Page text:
The group is of white marble, and the artist goes to extreme intelligence in his management of textures in an attempt to balance naturalism with allegory: the clouds, rough monk's cloth, gauzy material, contrast against the smooth flesh of angel and saint and represents their joined and divine purity. The angel's feathery wings are all carefully differentiated, yet harmonized in visual and imaginative effect.

Light is the disguised element that Bernini uses to heighten this implied drama. From a hidden window the Holy Spirit rains down bronze rays intended to be seen as bursting forth from a painting of Heaven from the vault above. Several tons of marble seems to float in a haze of light, the winds of Heaven buoying draperies as the cloud ascends. It represents a sense of the infinite; space light and time. The remote mysteries of religion, taking a recognizable form, descend to meet the human world halfway, within the conventions of Baroque art and theatre. Bernini had much to do with the institution of the principles of visual illusion that guided both. He was perfectly familiar with the writing of plays, theatrical productions and stagecraft. In addition to the sculpture, and the balconies of family members engaged in meditation or disputes, there is a fresco of the Holy Ghost and angels in the vault. Color and light, spreading through the marble, the decorations, the fresco, along with the sense of theatrical action conveyed through the rays falling on Teresa come from the Holy Ghost, pulls together the whole scheme. The young English traveler, John Evelyn, sojourning to Rome in 1644, wrote:

    Bernini, a Florentine sculpture, architect, painter, and poet, gave a public opera . . . wherein he painted scenes, cut the statues, invented the engines, composed the music, writ the comedy and built the theatre.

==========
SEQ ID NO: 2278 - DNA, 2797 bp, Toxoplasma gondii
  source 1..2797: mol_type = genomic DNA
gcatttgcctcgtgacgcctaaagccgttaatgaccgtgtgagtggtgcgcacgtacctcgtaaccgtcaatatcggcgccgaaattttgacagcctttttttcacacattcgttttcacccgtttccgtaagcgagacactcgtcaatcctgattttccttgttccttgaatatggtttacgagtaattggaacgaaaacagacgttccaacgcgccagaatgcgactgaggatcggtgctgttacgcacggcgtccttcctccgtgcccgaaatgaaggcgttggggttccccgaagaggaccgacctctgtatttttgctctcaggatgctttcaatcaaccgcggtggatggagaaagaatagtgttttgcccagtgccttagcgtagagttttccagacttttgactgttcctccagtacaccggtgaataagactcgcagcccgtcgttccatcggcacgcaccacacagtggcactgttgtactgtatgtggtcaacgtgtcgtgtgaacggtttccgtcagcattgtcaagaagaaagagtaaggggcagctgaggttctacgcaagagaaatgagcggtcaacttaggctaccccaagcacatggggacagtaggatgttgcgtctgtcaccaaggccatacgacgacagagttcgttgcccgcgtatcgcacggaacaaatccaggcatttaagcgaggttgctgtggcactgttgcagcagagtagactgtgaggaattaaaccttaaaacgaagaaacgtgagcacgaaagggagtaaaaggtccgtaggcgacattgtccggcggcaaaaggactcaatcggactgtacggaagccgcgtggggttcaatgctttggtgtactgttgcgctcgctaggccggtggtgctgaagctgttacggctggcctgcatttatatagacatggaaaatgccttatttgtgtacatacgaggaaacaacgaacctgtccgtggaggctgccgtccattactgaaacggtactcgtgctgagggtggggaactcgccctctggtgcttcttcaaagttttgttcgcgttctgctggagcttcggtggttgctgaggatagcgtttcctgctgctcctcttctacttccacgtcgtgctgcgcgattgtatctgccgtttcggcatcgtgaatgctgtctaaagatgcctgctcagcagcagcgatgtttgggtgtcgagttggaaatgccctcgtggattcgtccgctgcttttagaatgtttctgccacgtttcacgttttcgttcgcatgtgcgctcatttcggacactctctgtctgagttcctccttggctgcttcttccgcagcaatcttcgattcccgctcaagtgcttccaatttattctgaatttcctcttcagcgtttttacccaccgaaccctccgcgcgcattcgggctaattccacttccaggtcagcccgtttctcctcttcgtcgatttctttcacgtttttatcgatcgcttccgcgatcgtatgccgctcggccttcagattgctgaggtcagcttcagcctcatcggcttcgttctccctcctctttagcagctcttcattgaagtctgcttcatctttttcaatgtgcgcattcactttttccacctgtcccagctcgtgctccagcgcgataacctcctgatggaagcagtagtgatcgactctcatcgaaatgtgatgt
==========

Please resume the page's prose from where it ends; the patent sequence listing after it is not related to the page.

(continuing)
The community of Baroque arts is reflected in the universal genius of Bernini and given his virtuosity, versatility, and the vast output, one should not suppose that he carried out his work unaided. He presided over whole companies of assistants who performed the heavy manual labor involved in rough shaping of the stone, transferring the figure from clay model to marble rock, cutting the main forms and outlines, casting the bronze. The critical tasks were always under the supervision of the master, who would direct each stage of production and place the finishing touches himself. Ruff Wittkower observed:
    in a critical study if Bernini's work, one would have to differentiate between works designed by him and executed by his own hand; those to a greater or lesser extent carried out by him; others where he firmly held the reins but contributed little or nothing to the execution; and finally, those works for which he did no more that a few preliminary sketches.